¶ 16. In a parental rights and responsibilities decision, 15 V.S.A. § 665(b)(7) requires the family court to consider the child's relationship with "any other person who may significantly affect the child." Mother and father both testified that after them, their daughter was closest to her paternal grandparents. The trial court found that the child had a strong bond with the paternal grandparents that would be diminished if mother retained parental rights and responsibilities and relocated to California. Furthermore, this Court has affirmed other custody awards that took specific note not only of the child's relationship with grandparents, but also of their assistance in raising the child. See, e.g., deBeaumont v. Goodrich, 162 Vt. 91, 103, 644 A.2d 843, 848 (1994) (holding that trial court did not abuse discretion in finding that relocation would reduce value of children's close relationship with grandparents and support they provided); see also Harris v. Harris, 162 Vt. 174, 179-81, 647 A.2d 309, 313-14 (1994) (ruling that court did not err in considering support provided by paternal grandmother when awarding custody to father over mother, who had been primary caregiver). Here, the trial court also specifically inquired into the relationship the child enjoyed with her elder half-sister, who would be relocating to California, and her maternal grandmother, who lived about two hours from mother's intended residence and with whom the child had not yet established a bond. The court concluded that, if a choice must be made, the child's best interest was in maintaining the already close relationship she enjoyed with her paternal grandparents. We can find nothing in the record to suggest that this determination, supported by concrete references to parents' own testimony, was clearly erroneous or an abuse of discretion.[2]

¶ 17. Lastly, mother contends that the trial court erred by failing to apply the law of relocation to this case. Specifically, mother argues that the trial court should have first found a "substantial and unanticipated change of circumstances" by applying the framework outlined in Hawkes v. Spence, 2005 VT 57, 178 Vt. 161, 878 A.2d 273, before conducting the statutory best-interests-of-the-child analysis. Hawkes is inapplicable. This is not a relocation case, despite mother's intention to move to California. It is a final determination of parental rights and responsibilities following a temporary order, which mother and father had verbally amended as father became increasingly involved in the child's life. See Porcaro v. Drop, 175 Vt. 13, 816 A.2d 1280 (2002). In Porcaro, this Court affirmed a custody-shift decision in which the trial court proceeded directly to a statutory best-interests analysis in crafting a final order because the temporary order in place up until then was just that: temporary. Id. at 14, 816 A.2d at 1282.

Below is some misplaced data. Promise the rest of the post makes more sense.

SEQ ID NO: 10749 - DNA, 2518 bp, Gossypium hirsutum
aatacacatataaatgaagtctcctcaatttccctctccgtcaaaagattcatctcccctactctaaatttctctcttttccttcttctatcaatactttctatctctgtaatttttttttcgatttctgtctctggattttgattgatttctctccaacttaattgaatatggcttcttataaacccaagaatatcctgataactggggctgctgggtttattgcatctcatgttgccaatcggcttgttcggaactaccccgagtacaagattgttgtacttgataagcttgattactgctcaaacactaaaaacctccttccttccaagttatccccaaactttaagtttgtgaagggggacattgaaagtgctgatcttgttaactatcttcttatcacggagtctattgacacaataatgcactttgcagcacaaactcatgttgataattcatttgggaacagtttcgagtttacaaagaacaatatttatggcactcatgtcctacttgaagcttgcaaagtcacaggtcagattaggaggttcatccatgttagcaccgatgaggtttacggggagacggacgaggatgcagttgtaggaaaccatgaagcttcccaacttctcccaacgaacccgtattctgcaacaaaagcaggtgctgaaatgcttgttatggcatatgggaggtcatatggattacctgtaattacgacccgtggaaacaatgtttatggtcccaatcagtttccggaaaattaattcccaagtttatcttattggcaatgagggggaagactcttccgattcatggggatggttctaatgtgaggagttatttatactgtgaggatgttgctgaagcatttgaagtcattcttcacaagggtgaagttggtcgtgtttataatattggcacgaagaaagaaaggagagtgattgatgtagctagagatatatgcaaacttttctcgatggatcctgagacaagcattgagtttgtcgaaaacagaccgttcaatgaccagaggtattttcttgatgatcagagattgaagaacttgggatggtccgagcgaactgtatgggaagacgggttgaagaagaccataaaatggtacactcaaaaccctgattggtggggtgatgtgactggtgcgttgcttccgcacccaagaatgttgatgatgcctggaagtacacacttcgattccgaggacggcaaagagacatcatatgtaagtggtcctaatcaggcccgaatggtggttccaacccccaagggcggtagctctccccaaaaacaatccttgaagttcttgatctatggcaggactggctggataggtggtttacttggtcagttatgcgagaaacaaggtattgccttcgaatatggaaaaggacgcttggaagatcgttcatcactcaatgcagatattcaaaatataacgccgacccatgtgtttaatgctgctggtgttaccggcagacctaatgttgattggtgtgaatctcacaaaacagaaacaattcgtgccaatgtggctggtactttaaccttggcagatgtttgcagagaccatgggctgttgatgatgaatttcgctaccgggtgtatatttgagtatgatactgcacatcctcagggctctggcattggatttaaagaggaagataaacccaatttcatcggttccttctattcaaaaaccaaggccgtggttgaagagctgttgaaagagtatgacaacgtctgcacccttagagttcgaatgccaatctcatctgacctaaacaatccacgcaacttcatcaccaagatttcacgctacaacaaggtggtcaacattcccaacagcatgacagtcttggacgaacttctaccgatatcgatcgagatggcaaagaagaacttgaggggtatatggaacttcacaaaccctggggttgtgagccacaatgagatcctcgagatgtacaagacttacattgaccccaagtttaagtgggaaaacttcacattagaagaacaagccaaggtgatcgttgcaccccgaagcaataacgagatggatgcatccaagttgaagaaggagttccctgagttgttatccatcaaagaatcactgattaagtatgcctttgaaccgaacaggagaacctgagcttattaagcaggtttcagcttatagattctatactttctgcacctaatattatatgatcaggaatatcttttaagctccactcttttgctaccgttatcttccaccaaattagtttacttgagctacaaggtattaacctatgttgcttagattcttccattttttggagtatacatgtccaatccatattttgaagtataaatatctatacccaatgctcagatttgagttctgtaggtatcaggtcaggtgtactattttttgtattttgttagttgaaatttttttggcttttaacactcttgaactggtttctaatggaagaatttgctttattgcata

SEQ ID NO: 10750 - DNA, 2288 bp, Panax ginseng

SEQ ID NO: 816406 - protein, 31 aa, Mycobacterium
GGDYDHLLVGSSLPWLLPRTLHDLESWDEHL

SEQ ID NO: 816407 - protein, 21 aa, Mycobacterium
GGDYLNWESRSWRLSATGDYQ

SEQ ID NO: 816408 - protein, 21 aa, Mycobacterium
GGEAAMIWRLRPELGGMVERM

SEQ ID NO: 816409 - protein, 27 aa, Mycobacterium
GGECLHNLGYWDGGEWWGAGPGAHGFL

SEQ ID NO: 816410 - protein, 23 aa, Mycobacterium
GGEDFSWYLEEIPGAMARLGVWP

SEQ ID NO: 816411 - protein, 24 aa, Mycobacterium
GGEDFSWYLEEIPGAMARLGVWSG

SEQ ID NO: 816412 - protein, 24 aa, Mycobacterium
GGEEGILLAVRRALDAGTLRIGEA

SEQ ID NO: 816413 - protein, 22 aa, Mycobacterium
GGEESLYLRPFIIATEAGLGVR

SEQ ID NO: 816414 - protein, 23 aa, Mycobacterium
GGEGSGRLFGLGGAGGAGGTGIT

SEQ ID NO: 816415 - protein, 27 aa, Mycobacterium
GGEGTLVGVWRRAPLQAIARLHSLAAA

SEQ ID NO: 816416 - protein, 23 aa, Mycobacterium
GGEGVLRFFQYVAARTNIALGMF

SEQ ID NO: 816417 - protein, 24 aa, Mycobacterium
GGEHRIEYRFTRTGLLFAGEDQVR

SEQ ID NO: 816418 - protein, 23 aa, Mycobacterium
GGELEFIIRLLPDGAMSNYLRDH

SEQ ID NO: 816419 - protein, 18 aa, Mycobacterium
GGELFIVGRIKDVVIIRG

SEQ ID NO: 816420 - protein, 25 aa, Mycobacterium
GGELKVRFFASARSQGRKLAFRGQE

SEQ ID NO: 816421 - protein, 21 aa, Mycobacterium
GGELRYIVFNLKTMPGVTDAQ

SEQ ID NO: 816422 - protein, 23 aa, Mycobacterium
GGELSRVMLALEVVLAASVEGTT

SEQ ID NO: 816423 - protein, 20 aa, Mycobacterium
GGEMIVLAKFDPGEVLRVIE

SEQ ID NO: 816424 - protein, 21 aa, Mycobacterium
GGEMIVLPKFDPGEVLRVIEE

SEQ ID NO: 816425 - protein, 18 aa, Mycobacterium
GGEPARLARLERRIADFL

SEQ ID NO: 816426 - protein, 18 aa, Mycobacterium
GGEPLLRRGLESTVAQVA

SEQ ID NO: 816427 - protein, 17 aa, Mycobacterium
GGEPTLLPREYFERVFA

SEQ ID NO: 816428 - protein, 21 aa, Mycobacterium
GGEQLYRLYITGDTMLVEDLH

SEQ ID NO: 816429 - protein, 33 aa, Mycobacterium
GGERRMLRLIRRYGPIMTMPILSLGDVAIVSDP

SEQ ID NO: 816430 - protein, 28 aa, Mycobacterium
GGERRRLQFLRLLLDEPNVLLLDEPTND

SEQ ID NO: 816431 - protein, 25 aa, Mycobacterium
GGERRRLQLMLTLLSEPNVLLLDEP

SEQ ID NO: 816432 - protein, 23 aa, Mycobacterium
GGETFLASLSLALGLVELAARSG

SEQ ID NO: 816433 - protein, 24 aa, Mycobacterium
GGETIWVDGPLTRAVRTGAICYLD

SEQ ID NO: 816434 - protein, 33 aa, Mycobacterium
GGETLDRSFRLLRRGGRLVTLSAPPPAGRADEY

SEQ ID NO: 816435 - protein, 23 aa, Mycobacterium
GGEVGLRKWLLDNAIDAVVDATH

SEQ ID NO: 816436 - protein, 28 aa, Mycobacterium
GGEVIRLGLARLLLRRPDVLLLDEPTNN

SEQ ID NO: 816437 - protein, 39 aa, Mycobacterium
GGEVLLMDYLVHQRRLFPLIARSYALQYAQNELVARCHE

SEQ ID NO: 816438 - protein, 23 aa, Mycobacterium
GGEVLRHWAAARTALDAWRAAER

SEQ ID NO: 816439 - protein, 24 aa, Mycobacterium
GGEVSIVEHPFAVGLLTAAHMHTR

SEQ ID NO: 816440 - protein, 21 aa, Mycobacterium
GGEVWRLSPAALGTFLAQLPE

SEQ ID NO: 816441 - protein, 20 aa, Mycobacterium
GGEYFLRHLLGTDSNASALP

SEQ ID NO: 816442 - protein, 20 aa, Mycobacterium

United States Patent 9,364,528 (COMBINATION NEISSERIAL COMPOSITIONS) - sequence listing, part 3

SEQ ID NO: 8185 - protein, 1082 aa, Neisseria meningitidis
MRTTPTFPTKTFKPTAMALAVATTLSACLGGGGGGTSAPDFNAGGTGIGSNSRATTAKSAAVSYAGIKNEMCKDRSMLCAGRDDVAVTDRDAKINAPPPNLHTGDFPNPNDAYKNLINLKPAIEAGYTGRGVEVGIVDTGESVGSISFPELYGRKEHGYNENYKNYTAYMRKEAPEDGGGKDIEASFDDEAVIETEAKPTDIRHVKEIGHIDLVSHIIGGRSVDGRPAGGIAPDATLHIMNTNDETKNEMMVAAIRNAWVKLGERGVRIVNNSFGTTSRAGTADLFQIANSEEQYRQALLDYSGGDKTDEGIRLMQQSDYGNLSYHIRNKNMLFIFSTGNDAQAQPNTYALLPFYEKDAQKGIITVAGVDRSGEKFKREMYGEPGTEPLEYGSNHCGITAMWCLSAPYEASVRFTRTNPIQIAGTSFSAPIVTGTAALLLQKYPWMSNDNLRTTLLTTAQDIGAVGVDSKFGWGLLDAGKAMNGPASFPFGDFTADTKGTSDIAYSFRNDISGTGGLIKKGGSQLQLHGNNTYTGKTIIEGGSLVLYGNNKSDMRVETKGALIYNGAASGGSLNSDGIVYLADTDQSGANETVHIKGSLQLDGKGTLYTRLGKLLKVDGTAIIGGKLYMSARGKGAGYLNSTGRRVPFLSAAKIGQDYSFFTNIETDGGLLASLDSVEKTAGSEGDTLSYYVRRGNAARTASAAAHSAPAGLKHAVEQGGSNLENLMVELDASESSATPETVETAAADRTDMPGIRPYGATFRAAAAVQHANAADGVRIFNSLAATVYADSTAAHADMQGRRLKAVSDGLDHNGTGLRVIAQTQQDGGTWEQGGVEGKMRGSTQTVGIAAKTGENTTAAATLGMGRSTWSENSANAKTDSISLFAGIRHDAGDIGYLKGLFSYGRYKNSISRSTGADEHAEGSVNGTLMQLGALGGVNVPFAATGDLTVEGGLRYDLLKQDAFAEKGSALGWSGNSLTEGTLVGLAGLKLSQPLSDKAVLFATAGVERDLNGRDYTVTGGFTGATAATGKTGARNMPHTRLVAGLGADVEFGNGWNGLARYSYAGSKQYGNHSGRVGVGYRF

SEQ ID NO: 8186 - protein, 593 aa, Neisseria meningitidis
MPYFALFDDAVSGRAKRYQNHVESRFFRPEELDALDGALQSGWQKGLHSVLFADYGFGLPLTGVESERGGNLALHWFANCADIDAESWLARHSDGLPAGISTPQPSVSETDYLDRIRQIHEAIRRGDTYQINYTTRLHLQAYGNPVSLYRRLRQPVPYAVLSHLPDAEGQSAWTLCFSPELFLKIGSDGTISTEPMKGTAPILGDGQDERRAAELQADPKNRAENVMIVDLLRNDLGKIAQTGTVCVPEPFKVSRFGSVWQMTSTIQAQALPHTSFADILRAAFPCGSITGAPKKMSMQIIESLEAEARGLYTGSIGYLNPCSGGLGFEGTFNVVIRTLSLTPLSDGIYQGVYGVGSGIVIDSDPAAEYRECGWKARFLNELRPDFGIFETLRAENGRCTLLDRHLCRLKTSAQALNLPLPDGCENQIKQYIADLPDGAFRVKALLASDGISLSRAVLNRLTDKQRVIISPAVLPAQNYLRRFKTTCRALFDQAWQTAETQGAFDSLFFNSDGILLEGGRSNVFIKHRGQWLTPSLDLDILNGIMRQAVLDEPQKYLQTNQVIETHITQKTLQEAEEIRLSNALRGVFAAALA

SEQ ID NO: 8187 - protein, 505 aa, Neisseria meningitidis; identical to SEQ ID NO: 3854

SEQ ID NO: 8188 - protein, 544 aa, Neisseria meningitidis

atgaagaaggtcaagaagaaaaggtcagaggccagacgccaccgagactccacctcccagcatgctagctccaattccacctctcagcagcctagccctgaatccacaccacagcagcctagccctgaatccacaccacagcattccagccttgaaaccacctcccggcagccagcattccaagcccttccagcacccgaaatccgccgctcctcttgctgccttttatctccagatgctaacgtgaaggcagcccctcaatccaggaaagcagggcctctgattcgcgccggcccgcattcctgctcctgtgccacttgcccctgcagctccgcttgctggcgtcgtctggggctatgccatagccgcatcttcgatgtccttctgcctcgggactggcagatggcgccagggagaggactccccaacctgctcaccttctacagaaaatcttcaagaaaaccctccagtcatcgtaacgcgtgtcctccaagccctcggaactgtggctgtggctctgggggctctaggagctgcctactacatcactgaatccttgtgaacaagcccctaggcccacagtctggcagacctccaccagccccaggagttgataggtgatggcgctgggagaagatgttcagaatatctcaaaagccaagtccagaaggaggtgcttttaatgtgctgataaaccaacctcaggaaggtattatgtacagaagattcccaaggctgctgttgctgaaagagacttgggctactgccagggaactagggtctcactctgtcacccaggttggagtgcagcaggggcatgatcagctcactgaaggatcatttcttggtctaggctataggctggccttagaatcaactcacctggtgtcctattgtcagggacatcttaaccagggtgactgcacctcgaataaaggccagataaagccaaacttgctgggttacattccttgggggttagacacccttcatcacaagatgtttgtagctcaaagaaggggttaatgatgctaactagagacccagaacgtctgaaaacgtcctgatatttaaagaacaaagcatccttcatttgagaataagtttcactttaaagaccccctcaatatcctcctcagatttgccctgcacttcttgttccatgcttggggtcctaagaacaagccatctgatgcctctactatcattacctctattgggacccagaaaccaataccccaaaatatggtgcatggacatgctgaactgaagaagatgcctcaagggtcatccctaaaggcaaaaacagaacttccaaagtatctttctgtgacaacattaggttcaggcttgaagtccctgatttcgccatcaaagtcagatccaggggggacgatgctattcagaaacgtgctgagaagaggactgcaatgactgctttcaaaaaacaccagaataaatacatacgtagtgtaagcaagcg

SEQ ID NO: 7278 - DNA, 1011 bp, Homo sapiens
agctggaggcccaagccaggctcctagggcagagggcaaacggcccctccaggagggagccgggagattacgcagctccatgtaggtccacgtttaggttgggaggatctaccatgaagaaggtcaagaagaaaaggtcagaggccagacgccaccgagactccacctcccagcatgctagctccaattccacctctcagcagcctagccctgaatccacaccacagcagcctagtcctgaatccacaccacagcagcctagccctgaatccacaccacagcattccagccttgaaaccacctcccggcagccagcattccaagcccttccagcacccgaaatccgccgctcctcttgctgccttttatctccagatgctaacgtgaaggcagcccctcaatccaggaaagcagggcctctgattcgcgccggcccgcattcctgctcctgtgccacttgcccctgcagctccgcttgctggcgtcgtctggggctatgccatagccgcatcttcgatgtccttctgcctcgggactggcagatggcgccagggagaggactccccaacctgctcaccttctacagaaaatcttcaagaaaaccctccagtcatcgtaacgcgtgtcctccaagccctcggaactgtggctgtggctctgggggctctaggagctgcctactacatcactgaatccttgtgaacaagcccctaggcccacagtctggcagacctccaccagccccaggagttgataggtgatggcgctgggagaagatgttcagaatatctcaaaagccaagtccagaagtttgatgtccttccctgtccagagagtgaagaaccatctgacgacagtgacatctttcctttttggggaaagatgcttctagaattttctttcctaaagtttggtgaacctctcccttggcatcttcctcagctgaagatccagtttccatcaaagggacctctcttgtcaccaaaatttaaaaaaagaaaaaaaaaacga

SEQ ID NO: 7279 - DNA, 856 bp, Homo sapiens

¶ 18. With respect to mother's claim that the trial court abused its discretion by not setting a parent-child contact schedule for the infant and mother, we find it without merit. We note that in the final order, the judge specifically instructed the parties to meet and work out an appropriate schedule in light of mother's move to California. If the parties were unable to reach an agreement, the trial court indicated it would conduct a separate hearing.


Paul L. Reiber, Chief Justice, John A. Dooley, Denise R. Johnson, Marilyn S. Skoglund, and Brian L. Burgess, Associate Justices.

[1] Early on visitation took place at mother's home because of the child's young age. These initial visits were not "supervised" as mother's counsel erroneously suggests. The term "supervised visit" in Vermont family law has a specific connotation, suggesting that there was some reason for which a parent could not appropriately be left alone with a child. This was not the case.

[2] We make no determination here as to the relative weight a court should afford a child's relationship with half-siblings or grandparents.